A Tallahassee judge ruled on the side of medical marijuana patients Wednesday and ended months of dizzying legal challenges against the state Department of Health that included charges of political chicanery. There was even a dose of Charlotte’s Web – the children’s book, not the low-THC pot.
State Administrative Law Judge W. David Watkins' 68-page decision means the health department can adopt the rule Thursday and start accepting applications from eligible growers 20 days later. Growers then get three weeks to submit applications. Charlotte’s Web, a non-euphoric marijuana extract, is widely hailed for easing painful medical conditions, including epilepsy and cancer. The oil might possibly be marketed before the year is out.
One unlikely legal hitch: Watkins' order is subject to appellate court review if someone can show they are "adversely affected," according to statute. The time limit to appeal is 30 days.
Watkins punctuated his legal examination on page 5 with a sentence from “Charlotte’s Web,” a barnyard epic by E.B. White.
“Life is always a rich and steady time when you are waiting for something to happen or to hatch,” White wrote in the 1952 classic, a story of friendship between a pig named Wilbur and a spider called Charlotte.
Baywood Nurseries of Apopka was the last of three challenges that were thrown out by Watkins. In his ruling, Watkins said Baywood “failed to present any persuasive evidence that proposed [Charlotte’s Web regulations] are an invalid exercise of delegated legislative authority.”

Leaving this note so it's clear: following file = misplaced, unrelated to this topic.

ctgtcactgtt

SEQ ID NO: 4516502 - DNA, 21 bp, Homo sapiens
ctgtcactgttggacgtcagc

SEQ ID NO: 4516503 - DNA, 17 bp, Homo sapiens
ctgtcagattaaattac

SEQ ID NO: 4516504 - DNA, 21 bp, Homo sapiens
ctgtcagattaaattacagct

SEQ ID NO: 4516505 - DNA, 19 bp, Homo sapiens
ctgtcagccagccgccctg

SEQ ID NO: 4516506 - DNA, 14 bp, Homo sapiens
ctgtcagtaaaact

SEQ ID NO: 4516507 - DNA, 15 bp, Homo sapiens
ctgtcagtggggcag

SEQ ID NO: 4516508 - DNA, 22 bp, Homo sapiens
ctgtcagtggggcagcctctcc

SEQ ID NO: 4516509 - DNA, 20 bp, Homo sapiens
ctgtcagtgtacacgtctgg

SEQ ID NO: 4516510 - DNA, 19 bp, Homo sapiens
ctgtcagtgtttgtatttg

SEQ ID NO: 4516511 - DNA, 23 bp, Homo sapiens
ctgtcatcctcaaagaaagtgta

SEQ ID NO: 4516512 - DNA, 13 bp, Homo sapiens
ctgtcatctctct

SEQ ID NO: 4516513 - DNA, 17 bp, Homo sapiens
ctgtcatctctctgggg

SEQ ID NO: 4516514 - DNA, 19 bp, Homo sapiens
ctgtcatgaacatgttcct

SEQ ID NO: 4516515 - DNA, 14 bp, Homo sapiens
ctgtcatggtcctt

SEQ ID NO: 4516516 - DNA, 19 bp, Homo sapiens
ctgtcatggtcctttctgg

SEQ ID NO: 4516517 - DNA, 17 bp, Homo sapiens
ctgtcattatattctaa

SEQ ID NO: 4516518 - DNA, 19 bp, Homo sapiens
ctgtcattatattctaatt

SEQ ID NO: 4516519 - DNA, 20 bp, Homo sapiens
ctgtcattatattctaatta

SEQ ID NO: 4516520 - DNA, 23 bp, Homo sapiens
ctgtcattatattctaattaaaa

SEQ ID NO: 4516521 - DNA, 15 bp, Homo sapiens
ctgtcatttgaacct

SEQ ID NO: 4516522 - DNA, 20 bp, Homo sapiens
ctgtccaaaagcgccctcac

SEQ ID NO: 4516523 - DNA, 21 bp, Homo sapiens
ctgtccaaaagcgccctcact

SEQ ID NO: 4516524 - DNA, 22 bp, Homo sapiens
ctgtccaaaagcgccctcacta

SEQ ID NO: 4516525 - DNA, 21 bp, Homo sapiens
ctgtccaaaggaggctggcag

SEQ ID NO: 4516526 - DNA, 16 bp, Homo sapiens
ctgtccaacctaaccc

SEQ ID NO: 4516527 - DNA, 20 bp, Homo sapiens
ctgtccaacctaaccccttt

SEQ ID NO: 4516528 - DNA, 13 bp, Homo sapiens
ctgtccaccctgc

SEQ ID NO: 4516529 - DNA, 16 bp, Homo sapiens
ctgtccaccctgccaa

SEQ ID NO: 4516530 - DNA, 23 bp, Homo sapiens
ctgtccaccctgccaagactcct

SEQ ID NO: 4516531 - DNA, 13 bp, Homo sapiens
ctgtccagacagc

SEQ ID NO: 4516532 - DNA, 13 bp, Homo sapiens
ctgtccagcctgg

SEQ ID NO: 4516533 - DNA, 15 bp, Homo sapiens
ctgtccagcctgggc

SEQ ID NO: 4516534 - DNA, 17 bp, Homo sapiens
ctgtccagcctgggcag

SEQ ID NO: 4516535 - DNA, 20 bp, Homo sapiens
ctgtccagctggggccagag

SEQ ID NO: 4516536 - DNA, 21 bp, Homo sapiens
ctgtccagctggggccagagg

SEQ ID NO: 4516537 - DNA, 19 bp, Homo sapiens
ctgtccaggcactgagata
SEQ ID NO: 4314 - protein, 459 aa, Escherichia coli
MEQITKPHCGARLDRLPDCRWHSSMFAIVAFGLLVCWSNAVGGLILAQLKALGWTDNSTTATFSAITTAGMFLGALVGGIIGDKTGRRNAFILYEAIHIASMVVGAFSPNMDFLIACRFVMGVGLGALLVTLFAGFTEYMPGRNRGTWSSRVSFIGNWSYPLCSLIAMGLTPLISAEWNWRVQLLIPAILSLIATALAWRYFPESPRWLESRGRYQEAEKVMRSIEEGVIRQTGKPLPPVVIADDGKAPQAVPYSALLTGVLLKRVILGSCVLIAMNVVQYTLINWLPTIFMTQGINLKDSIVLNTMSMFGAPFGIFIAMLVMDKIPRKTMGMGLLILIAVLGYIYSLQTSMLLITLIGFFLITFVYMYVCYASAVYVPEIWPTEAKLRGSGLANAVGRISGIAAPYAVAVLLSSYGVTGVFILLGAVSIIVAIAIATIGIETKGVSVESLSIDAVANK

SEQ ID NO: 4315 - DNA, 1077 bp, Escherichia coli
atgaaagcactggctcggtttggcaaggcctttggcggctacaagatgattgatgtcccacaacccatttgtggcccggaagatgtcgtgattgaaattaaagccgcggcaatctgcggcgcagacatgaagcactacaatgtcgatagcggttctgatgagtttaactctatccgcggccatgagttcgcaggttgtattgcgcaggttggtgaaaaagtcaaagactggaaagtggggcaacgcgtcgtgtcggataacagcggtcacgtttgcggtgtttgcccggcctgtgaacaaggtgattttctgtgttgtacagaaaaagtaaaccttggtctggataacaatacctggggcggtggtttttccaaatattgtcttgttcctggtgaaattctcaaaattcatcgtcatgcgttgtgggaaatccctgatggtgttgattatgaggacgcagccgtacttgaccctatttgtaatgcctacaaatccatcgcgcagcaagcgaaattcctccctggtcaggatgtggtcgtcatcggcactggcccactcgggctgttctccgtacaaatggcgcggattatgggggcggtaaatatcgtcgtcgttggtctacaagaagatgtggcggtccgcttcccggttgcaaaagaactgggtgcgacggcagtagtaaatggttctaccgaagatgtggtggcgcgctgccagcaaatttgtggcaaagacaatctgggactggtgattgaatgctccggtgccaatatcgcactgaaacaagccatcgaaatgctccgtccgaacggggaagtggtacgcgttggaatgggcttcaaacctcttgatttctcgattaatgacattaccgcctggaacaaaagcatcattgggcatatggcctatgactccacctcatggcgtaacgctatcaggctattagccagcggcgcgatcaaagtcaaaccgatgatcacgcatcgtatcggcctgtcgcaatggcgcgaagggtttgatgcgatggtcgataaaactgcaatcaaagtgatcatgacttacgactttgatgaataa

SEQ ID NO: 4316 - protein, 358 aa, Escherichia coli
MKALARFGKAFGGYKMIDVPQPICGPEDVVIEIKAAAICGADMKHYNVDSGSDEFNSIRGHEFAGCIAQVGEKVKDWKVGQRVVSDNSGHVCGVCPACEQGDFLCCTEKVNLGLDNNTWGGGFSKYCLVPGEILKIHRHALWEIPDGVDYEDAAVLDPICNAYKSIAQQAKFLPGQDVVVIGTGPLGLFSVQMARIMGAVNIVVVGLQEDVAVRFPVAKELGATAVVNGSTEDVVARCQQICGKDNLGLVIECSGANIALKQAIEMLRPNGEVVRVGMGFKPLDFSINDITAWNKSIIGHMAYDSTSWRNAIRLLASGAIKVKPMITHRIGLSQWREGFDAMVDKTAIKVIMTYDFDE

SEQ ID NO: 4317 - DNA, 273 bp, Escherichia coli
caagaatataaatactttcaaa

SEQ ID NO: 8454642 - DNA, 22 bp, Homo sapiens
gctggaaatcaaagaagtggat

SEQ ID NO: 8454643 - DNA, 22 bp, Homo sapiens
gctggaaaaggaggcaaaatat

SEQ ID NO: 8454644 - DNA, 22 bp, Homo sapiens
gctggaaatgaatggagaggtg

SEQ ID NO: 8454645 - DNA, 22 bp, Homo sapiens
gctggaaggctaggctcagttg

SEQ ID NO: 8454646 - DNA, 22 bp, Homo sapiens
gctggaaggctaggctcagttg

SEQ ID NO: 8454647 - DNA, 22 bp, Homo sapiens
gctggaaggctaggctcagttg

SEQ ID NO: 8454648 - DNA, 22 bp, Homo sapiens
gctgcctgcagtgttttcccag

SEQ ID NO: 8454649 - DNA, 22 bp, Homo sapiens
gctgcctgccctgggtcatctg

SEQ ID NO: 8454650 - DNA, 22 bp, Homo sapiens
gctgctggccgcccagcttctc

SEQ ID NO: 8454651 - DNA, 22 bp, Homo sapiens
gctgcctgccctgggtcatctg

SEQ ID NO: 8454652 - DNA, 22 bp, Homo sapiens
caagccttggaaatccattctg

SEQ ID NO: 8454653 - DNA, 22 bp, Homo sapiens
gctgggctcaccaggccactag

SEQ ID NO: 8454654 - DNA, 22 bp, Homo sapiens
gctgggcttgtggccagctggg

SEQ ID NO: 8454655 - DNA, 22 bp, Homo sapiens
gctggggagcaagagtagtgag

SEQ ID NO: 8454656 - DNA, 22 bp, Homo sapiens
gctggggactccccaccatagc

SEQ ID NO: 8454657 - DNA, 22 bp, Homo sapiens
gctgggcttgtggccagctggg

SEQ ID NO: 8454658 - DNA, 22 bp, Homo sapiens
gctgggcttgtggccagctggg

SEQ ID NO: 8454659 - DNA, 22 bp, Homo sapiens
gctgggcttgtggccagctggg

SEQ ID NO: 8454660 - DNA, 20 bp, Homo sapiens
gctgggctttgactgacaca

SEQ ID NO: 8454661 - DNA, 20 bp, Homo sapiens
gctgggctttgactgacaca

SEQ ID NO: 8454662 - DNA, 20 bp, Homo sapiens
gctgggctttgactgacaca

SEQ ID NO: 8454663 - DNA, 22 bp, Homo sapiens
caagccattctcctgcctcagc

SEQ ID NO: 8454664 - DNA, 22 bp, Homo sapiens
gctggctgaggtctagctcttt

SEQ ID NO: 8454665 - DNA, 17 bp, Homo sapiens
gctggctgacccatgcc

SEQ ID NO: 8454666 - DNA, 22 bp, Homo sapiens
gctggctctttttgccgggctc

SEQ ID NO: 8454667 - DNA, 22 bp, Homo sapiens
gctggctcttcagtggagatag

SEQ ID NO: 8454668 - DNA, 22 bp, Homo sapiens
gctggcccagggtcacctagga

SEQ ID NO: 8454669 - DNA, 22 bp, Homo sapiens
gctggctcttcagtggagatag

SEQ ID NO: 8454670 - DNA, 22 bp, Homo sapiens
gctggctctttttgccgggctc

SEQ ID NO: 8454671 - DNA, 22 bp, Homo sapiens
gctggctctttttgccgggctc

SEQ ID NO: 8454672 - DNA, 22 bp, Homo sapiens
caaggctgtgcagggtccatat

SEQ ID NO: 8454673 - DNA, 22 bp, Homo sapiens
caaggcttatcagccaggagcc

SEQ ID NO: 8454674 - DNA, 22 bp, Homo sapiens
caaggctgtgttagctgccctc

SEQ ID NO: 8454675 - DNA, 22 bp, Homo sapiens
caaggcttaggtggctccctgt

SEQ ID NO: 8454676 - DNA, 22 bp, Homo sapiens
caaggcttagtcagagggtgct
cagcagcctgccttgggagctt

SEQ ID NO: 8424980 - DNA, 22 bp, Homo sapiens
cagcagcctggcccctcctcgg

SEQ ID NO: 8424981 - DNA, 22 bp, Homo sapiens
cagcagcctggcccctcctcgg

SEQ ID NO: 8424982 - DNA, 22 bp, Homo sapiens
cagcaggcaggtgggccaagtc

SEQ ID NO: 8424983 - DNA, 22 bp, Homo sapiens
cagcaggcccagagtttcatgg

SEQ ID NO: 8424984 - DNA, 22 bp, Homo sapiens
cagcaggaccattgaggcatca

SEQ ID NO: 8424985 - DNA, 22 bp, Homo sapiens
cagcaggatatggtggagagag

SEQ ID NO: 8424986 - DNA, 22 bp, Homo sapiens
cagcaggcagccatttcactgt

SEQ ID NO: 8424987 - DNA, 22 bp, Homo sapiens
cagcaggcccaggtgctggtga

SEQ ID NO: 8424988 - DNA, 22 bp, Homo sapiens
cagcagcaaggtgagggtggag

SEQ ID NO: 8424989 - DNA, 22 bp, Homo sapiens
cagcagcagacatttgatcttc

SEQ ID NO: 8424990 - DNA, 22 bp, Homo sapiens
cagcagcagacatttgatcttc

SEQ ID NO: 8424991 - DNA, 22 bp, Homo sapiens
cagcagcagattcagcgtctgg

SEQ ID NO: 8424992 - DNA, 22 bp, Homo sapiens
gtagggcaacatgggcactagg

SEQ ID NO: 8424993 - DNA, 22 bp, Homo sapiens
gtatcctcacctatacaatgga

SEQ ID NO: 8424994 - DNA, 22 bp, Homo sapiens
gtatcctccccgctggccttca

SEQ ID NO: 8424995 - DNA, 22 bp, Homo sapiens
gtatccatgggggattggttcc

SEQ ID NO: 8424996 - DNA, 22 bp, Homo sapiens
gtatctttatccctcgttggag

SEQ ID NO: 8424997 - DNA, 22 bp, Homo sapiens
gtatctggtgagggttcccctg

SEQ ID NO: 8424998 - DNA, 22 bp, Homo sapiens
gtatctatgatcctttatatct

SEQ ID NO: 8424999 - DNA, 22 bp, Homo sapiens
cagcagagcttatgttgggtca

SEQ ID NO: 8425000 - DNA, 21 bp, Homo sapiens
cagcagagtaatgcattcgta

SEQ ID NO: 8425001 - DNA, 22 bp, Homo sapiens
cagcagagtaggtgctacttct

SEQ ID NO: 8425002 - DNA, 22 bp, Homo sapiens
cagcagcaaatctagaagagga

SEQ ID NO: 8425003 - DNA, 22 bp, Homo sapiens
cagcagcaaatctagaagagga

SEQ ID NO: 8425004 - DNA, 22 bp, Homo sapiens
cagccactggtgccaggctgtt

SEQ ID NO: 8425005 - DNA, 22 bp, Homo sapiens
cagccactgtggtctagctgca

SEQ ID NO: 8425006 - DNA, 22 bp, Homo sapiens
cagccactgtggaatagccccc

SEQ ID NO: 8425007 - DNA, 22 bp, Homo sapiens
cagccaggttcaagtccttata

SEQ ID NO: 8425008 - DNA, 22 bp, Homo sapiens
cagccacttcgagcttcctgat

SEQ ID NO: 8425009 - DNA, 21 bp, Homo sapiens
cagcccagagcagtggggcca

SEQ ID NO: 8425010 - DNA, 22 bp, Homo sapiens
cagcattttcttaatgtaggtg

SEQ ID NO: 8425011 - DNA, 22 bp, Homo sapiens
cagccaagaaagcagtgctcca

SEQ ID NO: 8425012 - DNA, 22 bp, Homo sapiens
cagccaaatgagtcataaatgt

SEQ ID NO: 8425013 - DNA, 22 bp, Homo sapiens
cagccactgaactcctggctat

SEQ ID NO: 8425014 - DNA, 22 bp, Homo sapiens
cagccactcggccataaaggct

“While the department’s first attempt to [regulate] was unsuccessful, the fruit of its second effort, which was well-reasoned, deliberative, and thorough, represents a rational and coherent regulatory framework,” Watkins wrote.
In a statement, the health department said, “Today's ruling allows the department to move forward with implementing the Compassionate Medical Cannabis Act.”
The Compassionate Medical Cannabis Act was signed into law June 16, 2014.
“The department remains committed to ensuring safe and efficient access to this product for children with refractory epilepsy and patients with advanced cancer. We are moving swiftly to facilitate access to the product before the end of the year.”
The Office of Compassionate Use drafted new regulations in February after initial rules were was thrown out in court last year. Watkins handed down that ruling, too.
Baywood's lawsuit claimed the majority of February’s rule-makers were “politically connected [and] unfit to serve as alleged sources of reliable information, expertise, and industry input.”
Roughly 100 nurseries in Florida qualify under state law to compete for one of five prized regional licenses to grow, process, and distribute Charlotte’s Web.
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